Eventually, the reality of these inefficient investments became apparent. In January 2016, the New York Times wrote: “In order to keep growth at the same level, the Chinese authorities are taking various measures – building more high-speed rail lines and encouraging state-owned banks to provide loans.” As a result, “the Chinese shipyards were filled with half-finished shells like steel worms sawn in two.”
Is state capitalism just fiction?
Bubbles in China’s commodity, real estate and stock markets raise a serious question: Is the model of “state capitalism” used in the reformed Chinese economy just a fiction?
The Chinese government’s GDP growth target is 6.5% per annum between 2016 and 2020. It is unlikely to be able to achieve this, since a gigantic workforce does not have the skills to make a quick transition from the manufacturing sector to the provision of services for which global demand has not yet fallen.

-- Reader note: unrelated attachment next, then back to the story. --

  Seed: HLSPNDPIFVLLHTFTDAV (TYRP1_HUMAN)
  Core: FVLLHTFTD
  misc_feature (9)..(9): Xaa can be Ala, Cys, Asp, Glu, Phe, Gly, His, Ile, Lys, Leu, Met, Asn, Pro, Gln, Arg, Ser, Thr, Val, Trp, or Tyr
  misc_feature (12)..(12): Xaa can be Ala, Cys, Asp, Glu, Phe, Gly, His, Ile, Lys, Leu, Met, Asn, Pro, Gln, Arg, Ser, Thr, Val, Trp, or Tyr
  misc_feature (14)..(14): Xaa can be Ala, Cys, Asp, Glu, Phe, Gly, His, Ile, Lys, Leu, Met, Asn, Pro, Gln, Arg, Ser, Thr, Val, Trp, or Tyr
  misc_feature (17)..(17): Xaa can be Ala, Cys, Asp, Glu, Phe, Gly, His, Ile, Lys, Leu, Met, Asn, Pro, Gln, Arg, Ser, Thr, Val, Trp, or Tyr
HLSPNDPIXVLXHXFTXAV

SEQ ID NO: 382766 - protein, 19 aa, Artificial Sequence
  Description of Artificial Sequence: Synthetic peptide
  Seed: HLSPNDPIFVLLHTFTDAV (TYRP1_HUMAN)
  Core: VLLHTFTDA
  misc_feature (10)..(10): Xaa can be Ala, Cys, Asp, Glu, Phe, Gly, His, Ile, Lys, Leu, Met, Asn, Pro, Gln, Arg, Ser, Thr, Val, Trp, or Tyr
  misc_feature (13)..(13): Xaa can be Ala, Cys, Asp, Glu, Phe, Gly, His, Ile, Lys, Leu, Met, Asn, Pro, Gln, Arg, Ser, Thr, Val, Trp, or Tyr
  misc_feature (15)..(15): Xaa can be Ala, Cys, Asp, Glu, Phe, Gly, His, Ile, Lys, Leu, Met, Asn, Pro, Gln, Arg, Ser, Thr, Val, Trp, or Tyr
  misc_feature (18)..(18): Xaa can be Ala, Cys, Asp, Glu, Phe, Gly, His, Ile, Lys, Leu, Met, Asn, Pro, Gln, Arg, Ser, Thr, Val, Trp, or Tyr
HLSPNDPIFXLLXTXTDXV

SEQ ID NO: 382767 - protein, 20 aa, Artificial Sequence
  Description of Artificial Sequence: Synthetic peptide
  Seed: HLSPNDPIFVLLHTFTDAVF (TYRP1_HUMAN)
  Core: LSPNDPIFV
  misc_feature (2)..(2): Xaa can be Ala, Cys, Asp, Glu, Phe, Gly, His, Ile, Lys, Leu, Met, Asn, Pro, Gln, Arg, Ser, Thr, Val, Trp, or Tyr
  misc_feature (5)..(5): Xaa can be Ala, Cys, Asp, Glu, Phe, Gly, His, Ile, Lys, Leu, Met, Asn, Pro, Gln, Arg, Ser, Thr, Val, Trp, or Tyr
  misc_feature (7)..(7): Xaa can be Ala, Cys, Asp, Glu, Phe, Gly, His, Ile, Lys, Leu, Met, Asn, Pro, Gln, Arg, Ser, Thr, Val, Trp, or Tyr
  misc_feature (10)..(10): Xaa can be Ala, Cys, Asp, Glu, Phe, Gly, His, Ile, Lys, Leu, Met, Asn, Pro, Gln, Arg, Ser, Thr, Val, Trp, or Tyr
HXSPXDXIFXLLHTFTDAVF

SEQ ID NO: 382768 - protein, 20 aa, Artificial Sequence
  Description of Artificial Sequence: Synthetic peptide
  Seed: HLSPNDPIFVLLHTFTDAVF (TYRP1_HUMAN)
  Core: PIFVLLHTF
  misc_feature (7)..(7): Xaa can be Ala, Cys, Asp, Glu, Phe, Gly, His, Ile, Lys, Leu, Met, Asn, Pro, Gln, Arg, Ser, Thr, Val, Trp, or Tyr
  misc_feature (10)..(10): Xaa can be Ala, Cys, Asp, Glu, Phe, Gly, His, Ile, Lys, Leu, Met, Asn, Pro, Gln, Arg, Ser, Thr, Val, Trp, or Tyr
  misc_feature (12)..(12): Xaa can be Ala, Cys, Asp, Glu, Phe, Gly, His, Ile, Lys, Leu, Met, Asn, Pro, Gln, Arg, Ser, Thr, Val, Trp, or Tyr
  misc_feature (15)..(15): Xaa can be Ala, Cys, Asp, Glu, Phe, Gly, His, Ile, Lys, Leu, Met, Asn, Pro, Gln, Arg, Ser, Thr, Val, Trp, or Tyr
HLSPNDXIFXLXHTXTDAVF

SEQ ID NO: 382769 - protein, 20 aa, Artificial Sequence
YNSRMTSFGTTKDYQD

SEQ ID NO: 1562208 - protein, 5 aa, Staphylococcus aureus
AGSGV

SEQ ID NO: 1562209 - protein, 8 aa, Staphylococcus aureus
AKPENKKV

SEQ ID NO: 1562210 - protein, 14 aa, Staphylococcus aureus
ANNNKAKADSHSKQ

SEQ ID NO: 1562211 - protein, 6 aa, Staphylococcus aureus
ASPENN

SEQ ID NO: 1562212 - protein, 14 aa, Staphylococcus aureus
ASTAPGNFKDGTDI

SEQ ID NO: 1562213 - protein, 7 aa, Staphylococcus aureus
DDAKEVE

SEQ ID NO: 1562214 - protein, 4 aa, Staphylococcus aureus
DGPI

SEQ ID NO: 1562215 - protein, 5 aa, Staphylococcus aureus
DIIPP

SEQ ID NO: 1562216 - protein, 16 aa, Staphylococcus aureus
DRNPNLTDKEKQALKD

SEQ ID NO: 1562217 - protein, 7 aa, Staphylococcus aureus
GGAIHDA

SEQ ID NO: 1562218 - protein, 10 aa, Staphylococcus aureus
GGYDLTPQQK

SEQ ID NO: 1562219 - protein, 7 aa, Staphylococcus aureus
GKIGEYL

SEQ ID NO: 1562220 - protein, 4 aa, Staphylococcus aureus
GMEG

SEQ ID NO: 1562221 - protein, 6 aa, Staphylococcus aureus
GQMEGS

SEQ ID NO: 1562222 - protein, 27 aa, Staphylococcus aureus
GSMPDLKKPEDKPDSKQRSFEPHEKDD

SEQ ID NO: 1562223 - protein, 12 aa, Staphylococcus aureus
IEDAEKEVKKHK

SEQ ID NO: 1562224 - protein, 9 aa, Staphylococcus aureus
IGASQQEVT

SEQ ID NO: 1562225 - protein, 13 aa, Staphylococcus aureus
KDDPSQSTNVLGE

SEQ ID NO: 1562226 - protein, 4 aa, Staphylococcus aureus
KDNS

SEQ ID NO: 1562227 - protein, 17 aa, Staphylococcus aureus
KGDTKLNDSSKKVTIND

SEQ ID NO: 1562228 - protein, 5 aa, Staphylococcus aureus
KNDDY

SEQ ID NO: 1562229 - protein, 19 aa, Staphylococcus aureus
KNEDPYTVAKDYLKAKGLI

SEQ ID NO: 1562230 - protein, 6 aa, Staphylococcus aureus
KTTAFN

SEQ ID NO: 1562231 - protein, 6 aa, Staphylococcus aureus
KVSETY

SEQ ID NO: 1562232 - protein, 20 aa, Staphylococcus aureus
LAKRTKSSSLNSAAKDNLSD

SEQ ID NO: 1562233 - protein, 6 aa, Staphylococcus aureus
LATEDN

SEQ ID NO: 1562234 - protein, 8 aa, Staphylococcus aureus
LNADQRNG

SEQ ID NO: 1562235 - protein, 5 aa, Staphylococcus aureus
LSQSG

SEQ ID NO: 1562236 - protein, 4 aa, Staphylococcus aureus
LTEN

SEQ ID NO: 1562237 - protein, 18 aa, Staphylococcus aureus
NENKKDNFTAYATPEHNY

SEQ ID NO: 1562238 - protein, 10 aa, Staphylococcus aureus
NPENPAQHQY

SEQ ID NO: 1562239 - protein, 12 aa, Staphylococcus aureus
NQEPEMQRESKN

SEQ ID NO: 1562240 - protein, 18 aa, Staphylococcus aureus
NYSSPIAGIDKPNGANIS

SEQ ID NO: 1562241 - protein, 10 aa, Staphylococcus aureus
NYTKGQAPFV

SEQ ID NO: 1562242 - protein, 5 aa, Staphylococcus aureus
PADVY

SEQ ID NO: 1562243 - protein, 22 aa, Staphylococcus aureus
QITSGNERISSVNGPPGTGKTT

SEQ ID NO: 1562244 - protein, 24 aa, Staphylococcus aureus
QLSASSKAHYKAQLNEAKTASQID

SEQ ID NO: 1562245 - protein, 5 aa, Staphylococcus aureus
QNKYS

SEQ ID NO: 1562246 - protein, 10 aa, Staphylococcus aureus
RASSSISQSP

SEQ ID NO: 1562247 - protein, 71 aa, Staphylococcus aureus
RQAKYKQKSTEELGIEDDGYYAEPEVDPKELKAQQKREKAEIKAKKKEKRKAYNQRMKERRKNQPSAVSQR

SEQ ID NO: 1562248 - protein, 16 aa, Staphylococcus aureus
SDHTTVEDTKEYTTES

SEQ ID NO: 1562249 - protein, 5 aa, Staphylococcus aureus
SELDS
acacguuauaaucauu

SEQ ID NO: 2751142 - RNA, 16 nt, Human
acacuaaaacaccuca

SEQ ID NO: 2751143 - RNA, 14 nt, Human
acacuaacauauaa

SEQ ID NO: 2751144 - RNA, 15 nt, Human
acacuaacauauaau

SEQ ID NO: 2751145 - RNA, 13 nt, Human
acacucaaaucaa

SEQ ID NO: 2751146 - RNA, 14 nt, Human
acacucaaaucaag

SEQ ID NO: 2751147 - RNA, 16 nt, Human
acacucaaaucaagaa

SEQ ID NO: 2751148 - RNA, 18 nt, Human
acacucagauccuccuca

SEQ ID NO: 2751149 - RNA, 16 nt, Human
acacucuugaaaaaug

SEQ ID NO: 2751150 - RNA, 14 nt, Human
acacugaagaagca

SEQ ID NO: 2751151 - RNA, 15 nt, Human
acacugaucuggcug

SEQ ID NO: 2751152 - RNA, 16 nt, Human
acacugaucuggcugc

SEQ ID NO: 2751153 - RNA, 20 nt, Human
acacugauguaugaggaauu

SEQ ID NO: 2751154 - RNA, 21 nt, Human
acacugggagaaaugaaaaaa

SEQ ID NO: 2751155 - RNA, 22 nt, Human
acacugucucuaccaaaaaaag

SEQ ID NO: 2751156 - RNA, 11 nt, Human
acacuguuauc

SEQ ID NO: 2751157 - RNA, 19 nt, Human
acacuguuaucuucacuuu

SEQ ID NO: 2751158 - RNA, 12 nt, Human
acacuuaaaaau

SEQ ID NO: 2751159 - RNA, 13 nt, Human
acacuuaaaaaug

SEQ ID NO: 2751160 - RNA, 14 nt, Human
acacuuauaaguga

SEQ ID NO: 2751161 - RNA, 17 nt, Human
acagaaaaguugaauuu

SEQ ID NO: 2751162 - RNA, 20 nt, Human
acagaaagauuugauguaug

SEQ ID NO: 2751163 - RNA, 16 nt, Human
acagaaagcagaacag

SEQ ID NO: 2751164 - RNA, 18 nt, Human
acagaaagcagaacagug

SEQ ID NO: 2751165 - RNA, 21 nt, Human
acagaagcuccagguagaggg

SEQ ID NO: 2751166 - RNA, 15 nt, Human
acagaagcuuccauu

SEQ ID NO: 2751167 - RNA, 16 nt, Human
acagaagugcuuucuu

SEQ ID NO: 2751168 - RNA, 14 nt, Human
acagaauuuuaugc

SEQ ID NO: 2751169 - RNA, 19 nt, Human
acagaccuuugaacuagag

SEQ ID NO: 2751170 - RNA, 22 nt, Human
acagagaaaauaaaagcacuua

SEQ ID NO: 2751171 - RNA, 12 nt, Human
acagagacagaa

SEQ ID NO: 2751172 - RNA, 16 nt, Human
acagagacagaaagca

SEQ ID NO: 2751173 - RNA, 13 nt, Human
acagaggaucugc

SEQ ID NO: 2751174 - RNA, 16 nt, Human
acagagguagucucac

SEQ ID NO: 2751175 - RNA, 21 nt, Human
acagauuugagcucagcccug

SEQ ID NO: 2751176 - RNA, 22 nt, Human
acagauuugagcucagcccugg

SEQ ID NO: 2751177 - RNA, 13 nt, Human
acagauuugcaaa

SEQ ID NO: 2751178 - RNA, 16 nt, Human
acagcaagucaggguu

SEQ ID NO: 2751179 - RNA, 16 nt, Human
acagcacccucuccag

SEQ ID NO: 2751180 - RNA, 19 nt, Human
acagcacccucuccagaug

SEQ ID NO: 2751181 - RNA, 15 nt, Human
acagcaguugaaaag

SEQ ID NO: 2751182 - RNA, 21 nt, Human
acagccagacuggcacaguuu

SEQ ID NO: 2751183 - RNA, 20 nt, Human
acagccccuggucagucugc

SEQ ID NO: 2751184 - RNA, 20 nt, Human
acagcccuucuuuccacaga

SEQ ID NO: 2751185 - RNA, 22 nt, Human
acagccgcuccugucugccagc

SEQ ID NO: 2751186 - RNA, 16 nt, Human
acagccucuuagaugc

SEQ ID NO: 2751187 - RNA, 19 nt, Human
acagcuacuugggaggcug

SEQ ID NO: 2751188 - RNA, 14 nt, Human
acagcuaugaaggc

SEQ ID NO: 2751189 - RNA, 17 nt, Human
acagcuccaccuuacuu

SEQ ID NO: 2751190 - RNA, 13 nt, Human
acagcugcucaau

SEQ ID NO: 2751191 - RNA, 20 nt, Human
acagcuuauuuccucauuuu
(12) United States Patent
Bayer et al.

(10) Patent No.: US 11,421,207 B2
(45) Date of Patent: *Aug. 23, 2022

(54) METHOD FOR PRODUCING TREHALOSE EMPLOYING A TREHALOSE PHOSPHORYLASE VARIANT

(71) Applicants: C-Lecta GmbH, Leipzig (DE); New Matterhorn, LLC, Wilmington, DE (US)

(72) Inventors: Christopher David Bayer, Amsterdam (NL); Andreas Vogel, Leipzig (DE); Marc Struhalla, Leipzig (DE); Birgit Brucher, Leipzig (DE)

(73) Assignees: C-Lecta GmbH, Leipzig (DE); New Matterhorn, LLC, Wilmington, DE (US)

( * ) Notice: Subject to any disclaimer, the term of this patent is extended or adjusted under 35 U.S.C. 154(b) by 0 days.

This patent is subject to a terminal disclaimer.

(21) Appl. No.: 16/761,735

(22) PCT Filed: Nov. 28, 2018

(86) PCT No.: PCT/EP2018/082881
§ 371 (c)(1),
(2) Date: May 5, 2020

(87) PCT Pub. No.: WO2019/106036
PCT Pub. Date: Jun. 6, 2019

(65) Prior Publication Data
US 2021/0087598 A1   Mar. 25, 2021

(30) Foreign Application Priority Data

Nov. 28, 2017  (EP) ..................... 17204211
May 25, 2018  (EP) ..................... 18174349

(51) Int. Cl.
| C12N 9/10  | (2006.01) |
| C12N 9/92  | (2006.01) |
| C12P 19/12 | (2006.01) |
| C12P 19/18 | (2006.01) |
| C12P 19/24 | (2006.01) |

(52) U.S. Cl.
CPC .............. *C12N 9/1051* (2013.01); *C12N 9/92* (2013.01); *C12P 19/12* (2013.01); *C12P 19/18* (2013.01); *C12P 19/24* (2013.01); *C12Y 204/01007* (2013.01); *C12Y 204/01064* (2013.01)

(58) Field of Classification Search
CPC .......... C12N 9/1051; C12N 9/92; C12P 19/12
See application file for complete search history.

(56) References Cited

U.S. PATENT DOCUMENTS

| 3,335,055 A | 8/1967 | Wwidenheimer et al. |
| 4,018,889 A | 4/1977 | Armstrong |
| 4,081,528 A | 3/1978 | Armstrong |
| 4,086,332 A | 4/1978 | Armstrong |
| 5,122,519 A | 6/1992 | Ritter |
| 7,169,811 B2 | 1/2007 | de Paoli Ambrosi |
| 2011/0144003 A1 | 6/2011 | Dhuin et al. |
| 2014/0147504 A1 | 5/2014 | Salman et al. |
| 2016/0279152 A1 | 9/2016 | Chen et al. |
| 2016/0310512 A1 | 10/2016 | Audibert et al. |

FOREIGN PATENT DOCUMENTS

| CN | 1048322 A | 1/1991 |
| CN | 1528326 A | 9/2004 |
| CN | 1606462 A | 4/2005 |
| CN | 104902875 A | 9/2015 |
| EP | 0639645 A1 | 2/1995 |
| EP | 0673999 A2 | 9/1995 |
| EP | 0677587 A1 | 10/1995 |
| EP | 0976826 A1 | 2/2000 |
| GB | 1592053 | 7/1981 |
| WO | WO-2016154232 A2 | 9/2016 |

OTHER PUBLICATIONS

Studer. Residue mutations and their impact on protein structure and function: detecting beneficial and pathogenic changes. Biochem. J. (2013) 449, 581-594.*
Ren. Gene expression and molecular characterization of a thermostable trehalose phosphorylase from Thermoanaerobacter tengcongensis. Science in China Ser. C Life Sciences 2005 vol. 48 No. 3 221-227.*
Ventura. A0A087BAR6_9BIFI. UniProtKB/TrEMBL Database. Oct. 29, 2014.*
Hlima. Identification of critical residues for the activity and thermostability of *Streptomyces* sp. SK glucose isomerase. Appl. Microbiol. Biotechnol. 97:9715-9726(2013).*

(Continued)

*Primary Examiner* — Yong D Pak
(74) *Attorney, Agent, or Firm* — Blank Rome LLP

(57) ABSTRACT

Moreover, the Chinese authorities have done everything possible to prevent a quick (and painful) reorganization. In June, the country’s authorities introduced unprecedented regulation in the financial markets, which prevents the flow of capital from industries that have proven to be ineffective to those where there is still hope for development. Large-scale civil engineering projects can spur GDP, but, in essence, only guarantee that workers will pull the strap in those industries for which there is no market demand.
China’s first market reforms in the 1970s and 1980s launched an era of tremendous growth. In the event that the Chinese authorities are not ready to accept open markets – that is, not only to make a profit, but also to incur losses, to allow intellectual property rights, not to meddle in the management of the economy – an era of despair may lie ahead.
A source: Investopedia.com.